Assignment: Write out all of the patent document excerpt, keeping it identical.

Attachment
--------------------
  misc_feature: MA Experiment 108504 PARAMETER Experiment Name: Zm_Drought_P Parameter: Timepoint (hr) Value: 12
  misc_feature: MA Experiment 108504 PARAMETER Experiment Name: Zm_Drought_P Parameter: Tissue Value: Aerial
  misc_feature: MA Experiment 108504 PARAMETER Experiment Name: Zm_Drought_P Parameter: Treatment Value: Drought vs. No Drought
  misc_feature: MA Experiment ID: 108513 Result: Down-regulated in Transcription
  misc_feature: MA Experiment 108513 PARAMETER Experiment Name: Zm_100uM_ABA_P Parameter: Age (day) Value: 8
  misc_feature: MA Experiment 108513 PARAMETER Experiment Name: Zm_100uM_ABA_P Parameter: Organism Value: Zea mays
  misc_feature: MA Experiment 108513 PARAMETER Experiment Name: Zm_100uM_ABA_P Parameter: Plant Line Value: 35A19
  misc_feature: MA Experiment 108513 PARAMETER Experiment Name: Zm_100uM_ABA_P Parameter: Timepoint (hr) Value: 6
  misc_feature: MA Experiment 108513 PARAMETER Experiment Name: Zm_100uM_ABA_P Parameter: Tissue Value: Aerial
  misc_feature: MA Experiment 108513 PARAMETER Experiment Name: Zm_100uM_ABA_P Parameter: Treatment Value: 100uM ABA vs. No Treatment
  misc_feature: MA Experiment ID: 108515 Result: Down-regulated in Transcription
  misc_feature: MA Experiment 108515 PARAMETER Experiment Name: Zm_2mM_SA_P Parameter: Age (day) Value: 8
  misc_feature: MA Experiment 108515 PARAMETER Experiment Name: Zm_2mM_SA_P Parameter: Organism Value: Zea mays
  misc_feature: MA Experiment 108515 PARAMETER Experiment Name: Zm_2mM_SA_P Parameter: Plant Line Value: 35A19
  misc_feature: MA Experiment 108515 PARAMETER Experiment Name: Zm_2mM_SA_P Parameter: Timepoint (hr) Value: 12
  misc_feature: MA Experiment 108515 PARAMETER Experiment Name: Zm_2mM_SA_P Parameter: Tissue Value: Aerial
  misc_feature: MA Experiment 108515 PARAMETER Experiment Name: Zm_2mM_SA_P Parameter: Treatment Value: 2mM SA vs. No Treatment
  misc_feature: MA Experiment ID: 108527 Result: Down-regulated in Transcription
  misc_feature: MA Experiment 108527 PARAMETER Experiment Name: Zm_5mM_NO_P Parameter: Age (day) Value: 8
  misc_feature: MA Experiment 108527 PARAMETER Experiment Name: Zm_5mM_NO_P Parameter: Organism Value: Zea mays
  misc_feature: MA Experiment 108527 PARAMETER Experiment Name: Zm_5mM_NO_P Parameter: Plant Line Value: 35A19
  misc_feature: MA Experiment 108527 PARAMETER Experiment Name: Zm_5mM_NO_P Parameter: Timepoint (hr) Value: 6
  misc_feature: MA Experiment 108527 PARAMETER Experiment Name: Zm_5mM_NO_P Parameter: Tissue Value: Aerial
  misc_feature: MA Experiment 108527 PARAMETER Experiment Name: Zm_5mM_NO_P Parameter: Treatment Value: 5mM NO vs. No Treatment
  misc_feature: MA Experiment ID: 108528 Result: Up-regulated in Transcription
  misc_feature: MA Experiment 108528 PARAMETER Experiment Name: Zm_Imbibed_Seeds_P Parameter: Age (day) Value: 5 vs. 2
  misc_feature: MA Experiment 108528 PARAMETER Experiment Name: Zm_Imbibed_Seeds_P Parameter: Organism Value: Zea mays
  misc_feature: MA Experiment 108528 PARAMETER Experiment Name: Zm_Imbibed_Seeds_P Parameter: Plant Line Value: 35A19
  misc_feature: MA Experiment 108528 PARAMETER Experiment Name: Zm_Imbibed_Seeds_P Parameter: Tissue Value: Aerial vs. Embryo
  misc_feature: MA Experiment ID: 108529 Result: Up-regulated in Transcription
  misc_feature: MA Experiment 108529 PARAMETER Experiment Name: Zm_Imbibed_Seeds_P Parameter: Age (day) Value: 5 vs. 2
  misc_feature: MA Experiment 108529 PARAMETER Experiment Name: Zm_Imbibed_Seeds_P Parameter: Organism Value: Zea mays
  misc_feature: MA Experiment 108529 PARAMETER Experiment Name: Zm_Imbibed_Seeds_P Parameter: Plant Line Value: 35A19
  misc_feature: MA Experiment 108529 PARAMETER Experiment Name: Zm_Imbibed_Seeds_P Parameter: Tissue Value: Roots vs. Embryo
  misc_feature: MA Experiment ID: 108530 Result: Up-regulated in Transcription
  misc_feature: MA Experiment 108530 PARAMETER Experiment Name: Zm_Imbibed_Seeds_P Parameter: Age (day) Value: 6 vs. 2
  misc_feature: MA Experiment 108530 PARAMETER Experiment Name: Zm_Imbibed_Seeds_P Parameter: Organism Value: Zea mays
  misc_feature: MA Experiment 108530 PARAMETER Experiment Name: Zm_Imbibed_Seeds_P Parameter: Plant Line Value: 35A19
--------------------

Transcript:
  misc_feature: MA Experiment 108504 PARAMETER Experiment Name: Zm_Drought_P Parameter: Timepoint (hr) Value: 12
  misc_feature: MA Experiment 108504 PARAMETER Experiment Name: Zm_Drought_P Parameter: Tissue Value: Aerial
  misc_feature: MA Experiment 108504 PARAMETER Experiment Name: Zm_Drought_P Parameter: Treatment Value: Drought vs. No Drought
  misc_feature: MA Experiment ID: 108513 Result: Down-regulated in Transcription
  misc_feature: MA Experiment 108513 PARAMETER Experiment Name: Zm_100uM_ABA_P Parameter: Age (day) Value: 8
  misc_feature: MA Experiment 108513 PARAMETER Experiment Name: Zm_100uM_ABA_P Parameter: Organism Value: Zea mays
  misc_feature: MA Experiment 108513 PARAMETER Experiment Name: Zm_100uM_ABA_P Parameter: Plant Line Value: 35A19
  misc_feature: MA Experiment 108513 PARAMETER Experiment Name: Zm_100uM_ABA_P Parameter: Timepoint (hr) Value: 6
  misc_feature: MA Experiment 108513 PARAMETER Experiment Name: Zm_100uM_ABA_P Parameter: Tissue Value: Aerial
  misc_feature: MA Experiment 108513 PARAMETER Experiment Name: Zm_100uM_ABA_P Parameter: Treatment Value: 100uM ABA vs. No Treatment
  misc_feature: MA Experiment ID: 108515 Result: Down-regulated in Transcription
  misc_feature: MA Experiment 108515 PARAMETER Experiment Name: Zm_2mM_SA_P Parameter: Age (day) Value: 8
  misc_feature: MA Experiment 108515 PARAMETER Experiment Name: Zm_2mM_SA_P Parameter: Organism Value: Zea mays
  misc_feature: MA Experiment 108515 PARAMETER Experiment Name: Zm_2mM_SA_P Parameter: Plant Line Value: 35A19
  misc_feature: MA Experiment 108515 PARAMETER Experiment Name: Zm_2mM_SA_P Parameter: Timepoint (hr) Value: 12
  misc_feature: MA Experiment 108515 PARAMETER Experiment Name: Zm_2mM_SA_P Parameter: Tissue Value: Aerial
  misc_feature: MA Experiment 108515 PARAMETER Experiment Name: Zm_2mM_SA_P Parameter: Treatment Value: 2mM SA vs. No Treatment
  misc_feature: MA Experiment ID: 108527 Result: Down-regulated in Transcription
  misc_feature: MA Experiment 108527 PARAMETER Experiment Name: Zm_5mM_NO_P Parameter: Age (day) Value: 8
  misc_feature: MA Experiment 108527 PARAMETER Experiment Name: Zm_5mM_NO_P Parameter: Organism Value: Zea mays
  misc_feature: MA Experiment 108527 PARAMETER Experiment Name: Zm_5mM_NO_P Parameter: Plant Line Value: 35A19
  misc_feature: MA Experiment 108527 PARAMETER Experiment Name: Zm_5mM_NO_P Parameter: Timepoint (hr) Value: 6
  misc_feature: MA Experiment 108527 PARAMETER Experiment Name: Zm_5mM_NO_P Parameter: Tissue Value: Aerial
  misc_feature: MA Experiment 108527 PARAMETER Experiment Name: Zm_5mM_NO_P Parameter: Treatment Value: 5mM NO vs. No Treatment
  misc_feature: MA Experiment ID: 108528 Result: Up-regulated in Transcription
  misc_feature: MA Experiment 108528 PARAMETER Experiment Name: Zm_Imbibed_Seeds_P Parameter: Age (day) Value: 5 vs. 2
  misc_feature: MA Experiment 108528 PARAMETER Experiment Name: Zm_Imbibed_Seeds_P Parameter: Organism Value: Zea mays
  misc_feature: MA Experiment 108528 PARAMETER Experiment Name: Zm_Imbibed_Seeds_P Parameter: Plant Line Value: 35A19
  misc_feature: MA Experiment 108528 PARAMETER Experiment Name: Zm_Imbibed_Seeds_P Parameter: Tissue Value: Aerial vs. Embryo
  misc_feature: MA Experiment ID: 108529 Result: Up-regulated in Transcription
  misc_feature: MA Experiment 108529 PARAMETER Experiment Name: Zm_Imbibed_Seeds_P Parameter: Age (day) Value: 5 vs. 2
  misc_feature: MA Experiment 108529 PARAMETER Experiment Name: Zm_Imbibed_Seeds_P Parameter: Organism Value: Zea mays
  misc_feature: MA Experiment 108529 PARAMETER Experiment Name: Zm_Imbibed_Seeds_P Parameter: Plant Line Value: 35A19
  misc_feature: MA Experiment 108529 PARAMETER Experiment Name: Zm_Imbibed_Seeds_P Parameter: Tissue Value: Roots vs. Embryo
  misc_feature: MA Experiment ID: 108530 Result: Up-regulated in Transcription
  misc_feature: MA Experiment 108530 PARAMETER Experiment Name: Zm_Imbibed_Seeds_P Parameter: Age (day) Value: 6 vs. 2
  misc_feature: MA Experiment 108530 PARAMETER Experiment Name: Zm_Imbibed_Seeds_P Parameter: Organism Value: Zea mays
  misc_feature: MA Experiment 108530 PARAMETER Experiment Name: Zm_Imbibed_Seeds_P Parameter: Plant Line Value: 35A19